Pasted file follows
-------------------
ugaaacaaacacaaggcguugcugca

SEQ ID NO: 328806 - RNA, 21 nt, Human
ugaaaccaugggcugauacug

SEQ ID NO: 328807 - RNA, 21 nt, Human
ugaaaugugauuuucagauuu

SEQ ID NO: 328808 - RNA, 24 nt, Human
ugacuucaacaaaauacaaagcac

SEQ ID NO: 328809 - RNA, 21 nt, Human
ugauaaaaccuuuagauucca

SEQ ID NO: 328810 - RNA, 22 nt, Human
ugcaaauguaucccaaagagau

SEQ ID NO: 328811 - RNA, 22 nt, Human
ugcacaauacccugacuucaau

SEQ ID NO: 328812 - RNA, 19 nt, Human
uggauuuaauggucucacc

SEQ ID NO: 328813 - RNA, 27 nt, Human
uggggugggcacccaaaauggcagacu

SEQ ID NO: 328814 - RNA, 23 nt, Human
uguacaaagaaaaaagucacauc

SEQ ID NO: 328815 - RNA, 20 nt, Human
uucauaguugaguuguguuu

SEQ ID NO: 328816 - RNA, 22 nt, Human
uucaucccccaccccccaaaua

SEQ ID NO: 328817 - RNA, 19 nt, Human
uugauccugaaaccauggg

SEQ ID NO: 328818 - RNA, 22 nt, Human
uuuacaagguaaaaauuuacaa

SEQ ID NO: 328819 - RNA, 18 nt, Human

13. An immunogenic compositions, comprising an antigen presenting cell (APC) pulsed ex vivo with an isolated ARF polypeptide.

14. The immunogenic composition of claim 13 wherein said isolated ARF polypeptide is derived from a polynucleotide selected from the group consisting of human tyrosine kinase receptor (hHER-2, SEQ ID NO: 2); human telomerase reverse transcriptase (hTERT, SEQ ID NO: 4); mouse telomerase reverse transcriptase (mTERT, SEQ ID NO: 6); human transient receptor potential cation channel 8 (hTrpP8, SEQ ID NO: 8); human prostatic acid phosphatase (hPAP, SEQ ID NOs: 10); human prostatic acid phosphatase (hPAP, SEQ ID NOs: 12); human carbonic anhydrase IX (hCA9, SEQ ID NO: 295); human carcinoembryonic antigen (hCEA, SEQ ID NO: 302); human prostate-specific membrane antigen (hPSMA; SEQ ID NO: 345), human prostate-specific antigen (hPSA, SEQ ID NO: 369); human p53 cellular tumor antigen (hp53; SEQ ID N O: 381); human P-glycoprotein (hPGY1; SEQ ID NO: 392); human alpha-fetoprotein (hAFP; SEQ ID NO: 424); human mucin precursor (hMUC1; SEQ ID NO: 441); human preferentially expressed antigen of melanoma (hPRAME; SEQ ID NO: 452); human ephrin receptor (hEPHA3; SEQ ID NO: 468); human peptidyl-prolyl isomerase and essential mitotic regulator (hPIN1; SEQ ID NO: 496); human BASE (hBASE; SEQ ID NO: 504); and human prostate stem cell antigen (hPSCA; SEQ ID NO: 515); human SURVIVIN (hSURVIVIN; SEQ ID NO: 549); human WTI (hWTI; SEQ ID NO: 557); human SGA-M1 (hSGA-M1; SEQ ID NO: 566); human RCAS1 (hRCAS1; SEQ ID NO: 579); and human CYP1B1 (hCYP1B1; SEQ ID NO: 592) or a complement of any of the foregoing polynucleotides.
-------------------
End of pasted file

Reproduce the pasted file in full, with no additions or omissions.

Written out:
ugaaacaaacacaaggcguugcugca

SEQ ID NO: 328806 - RNA, 21 nt, Human
ugaaaccaugggcugauacug

SEQ ID NO: 328807 - RNA, 21 nt, Human
ugaaaugugauuuucagauuu

SEQ ID NO: 328808 - RNA, 24 nt, Human
ugacuucaacaaaauacaaagcac

SEQ ID NO: 328809 - RNA, 21 nt, Human
ugauaaaaccuuuagauucca

SEQ ID NO: 328810 - RNA, 22 nt, Human
ugcaaauguaucccaaagagau

SEQ ID NO: 328811 - RNA, 22 nt, Human
ugcacaauacccugacuucaau

SEQ ID NO: 328812 - RNA, 19 nt, Human
uggauuuaauggucucacc

SEQ ID NO: 328813 - RNA, 27 nt, Human
uggggugggcacccaaaauggcagacu

SEQ ID NO: 328814 - RNA, 23 nt, Human
uguacaaagaaaaaagucacauc

SEQ ID NO: 328815 - RNA, 20 nt, Human
uucauaguugaguuguguuu

SEQ ID NO: 328816 - RNA, 22 nt, Human
uucaucccccaccccccaaaua

SEQ ID NO: 328817 - RNA, 19 nt, Human
uugauccugaaaccauggg

SEQ ID NO: 328818 - RNA, 22 nt, Human
uuuacaagguaaaaauuuacaa

SEQ ID NO: 328819 - RNA, 18 nt, Human

13. An immunogenic compositions, comprising an antigen presenting cell (APC) pulsed ex vivo with an isolated ARF polypeptide.

14. The immunogenic composition of claim 13 wherein said isolated ARF polypeptide is derived from a polynucleotide selected from the group consisting of human tyrosine kinase receptor (hHER-2, SEQ ID NO: 2); human telomerase reverse transcriptase (hTERT, SEQ ID NO: 4); mouse telomerase reverse transcriptase (mTERT, SEQ ID NO: 6); human transient receptor potential cation channel 8 (hTrpP8, SEQ ID NO: 8); human prostatic acid phosphatase (hPAP, SEQ ID NOs: 10); human prostatic acid phosphatase (hPAP, SEQ ID NOs: 12); human carbonic anhydrase IX (hCA9, SEQ ID NO: 295); human carcinoembryonic antigen (hCEA, SEQ ID NO: 302); human prostate-specific membrane antigen (hPSMA; SEQ ID NO: 345), human prostate-specific antigen (hPSA, SEQ ID NO: 369); human p53 cellular tumor antigen (hp53; SEQ ID N O: 381); human P-glycoprotein (hPGY1; SEQ ID NO: 392); human alpha-fetoprotein (hAFP; SEQ ID NO: 424); human mucin precursor (hMUC1; SEQ ID NO: 441); human preferentially expressed antigen of melanoma (hPRAME; SEQ ID NO: 452); human ephrin receptor (hEPHA3; SEQ ID NO: 468); human peptidyl-prolyl isomerase and essential mitotic regulator (hPIN1; SEQ ID NO: 496); human BASE (hBASE; SEQ ID NO: 504); and human prostate stem cell antigen (hPSCA; SEQ ID NO: 515); human SURVIVIN (hSURVIVIN; SEQ ID NO: 549); human WTI (hWTI; SEQ ID NO: 557); human SGA-M1 (hSGA-M1; SEQ ID NO: 566); human RCAS1 (hRCAS1; SEQ ID NO: 579); and human CYP1B1 (hCYP1B1; SEQ ID NO: 592) or a complement of any of the foregoing polynucleotides.